A lookout climbs high up on a ridge to search for a passageway through the ice choked waters during the reenactment of the 1881 Greely expedition to the Arctic for the film, Abandoned in the Arctic which will premiere at the Harvard Science Center on Thursday June 19, sponsored by the Harvard Museum of Natural History. Credit: James Shedd
In 1881, U.S. Army Lieutenant Adolphus W. Greely lead an expedition that traveled farther north than anyone in history–to within just a few hundred miles of the North Pole. This achievement was the high point in the worst arctic disaster in American history.
Greely and his men were ordered to travel far into the Canadian Arctic, set up a research base there and return after two years of data gathering. But it took three years and a 250-mile journey through the treacherous ice before the men could be rescued. Only six of the original 25 survived.
“This is an amazing story that almost nobody has heard of,” says documentary director Gino Del Guercio. In “Abandoned in the Arctic,” his first feature documentary, Del Guercio follows an expedition in which Greely’s great-great-grandson seeks to trace his ancestor’s incredible journey. The film will be screened in a free sneak preview at the Harvard Science Center, One Oxford St., Cambridge, on June 19th, 7 p.m.
Greely’s expedition was part of an international effort that set the baseline for modern Arctic research. As part of the First International Polar Year, Greely was appointed by the U.S. government to establish a research station in Ellesmere Island, the tenth largest island in the world. Greely and his men not only did so, they also beat the world record for reaching furthest north, which the British had held for 300 years. Two years later, an American ship was scheduled to arrive at the research station and take the men home. The ship never came.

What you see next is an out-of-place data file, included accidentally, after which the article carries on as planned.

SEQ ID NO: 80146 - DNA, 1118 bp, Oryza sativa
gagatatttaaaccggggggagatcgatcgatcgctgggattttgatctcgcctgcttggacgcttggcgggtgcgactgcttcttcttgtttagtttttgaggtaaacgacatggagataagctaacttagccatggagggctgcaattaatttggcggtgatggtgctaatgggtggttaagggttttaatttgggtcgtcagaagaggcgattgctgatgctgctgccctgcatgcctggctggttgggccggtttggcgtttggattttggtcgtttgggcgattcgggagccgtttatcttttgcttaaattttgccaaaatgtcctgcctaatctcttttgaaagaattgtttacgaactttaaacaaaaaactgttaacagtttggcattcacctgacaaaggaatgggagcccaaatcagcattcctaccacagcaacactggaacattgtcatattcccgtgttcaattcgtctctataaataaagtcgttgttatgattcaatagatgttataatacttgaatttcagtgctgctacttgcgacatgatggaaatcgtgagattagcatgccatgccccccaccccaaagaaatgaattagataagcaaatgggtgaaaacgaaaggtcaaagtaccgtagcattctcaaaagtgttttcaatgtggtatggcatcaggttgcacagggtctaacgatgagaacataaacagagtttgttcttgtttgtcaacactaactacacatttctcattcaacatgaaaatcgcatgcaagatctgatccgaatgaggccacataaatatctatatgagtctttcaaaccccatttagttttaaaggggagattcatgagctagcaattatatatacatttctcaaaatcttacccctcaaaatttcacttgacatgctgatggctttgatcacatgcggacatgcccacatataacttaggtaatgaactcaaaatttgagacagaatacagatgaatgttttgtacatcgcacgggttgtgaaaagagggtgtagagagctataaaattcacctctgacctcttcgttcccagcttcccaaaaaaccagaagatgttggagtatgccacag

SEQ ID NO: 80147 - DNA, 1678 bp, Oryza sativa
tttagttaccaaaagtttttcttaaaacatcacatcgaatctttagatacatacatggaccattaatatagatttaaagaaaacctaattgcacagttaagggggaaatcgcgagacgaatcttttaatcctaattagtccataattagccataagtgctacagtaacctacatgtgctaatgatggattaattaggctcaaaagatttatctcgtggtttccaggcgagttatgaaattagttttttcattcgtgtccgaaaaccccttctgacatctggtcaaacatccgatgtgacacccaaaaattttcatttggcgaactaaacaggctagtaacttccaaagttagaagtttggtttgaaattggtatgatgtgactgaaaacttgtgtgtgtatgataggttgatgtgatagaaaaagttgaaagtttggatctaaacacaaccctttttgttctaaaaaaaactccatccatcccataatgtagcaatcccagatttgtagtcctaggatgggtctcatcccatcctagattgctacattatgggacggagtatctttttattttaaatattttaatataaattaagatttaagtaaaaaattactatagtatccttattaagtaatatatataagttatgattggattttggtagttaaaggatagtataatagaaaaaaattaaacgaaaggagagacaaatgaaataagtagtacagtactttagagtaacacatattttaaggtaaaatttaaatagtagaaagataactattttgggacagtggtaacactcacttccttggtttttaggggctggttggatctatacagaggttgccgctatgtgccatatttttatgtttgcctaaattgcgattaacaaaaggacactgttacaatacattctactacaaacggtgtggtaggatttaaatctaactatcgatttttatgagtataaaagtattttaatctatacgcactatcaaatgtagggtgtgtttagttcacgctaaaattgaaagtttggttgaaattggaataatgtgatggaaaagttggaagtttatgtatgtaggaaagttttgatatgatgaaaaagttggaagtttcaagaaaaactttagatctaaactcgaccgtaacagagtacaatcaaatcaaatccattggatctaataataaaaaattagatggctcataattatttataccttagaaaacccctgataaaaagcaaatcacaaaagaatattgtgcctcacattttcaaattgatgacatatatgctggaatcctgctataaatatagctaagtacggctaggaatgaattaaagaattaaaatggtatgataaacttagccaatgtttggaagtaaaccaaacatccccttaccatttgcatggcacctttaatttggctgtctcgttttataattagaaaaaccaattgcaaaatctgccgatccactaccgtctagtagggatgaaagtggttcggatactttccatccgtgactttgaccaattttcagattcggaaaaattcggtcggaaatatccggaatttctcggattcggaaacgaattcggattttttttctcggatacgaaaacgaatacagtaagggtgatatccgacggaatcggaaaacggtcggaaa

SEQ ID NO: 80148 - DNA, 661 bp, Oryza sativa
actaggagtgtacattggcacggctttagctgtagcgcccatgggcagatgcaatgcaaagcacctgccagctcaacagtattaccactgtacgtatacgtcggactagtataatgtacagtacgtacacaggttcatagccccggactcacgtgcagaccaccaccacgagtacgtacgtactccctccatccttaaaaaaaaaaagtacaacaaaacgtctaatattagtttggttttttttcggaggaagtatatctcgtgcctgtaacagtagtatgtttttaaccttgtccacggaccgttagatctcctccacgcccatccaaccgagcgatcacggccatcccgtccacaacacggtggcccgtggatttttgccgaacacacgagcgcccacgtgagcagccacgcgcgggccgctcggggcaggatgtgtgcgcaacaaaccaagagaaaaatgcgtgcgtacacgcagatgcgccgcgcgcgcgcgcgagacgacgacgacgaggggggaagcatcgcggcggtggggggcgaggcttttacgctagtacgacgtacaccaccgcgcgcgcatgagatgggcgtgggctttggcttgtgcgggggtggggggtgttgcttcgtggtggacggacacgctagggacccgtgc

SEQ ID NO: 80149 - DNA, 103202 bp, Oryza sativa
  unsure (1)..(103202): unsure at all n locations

Greely ordered his men to head south towards Cape Sabine, where a rescue ship was supposed to wait in case the first ship could not make it up to their base. Carrying a few months’ food, the men sailed through icebergs in small boats. When sailing was not possible they dragged their boats across the rough ice with temperatures of 50 below zero.
“At one point they were stranded on a piece of ice and about to die in a terrible storm,” says Del Guercio. When the men finally arrived at the rescue point there was no ship there. They spent eight months in an area with almost no food and shelter before they were rescued. The last six men were found lying together in a tent waiting to die. Greely’s first words to his rescuers were: “Did what I came to do. Beat the best record,” referring to the farthest north record.
The modern expedition also experienced the hardships in one of the world’s most dangerous areas. For six weeks in the summer of 2004, James Shedd and five other men rowed in their Kayaks or dragged them through the ice on their way to Cape Sabine. One of them was nearly killed when an ice floe crashed his boat against the frozen coastline. “This area has been called the horizontal Everest,” says Del Guercio, who will be at the preview with Shedd and other members of the expedition. “We discovered for ourselves how truly dangerous it can be.”
Story by Nuño Dominguez.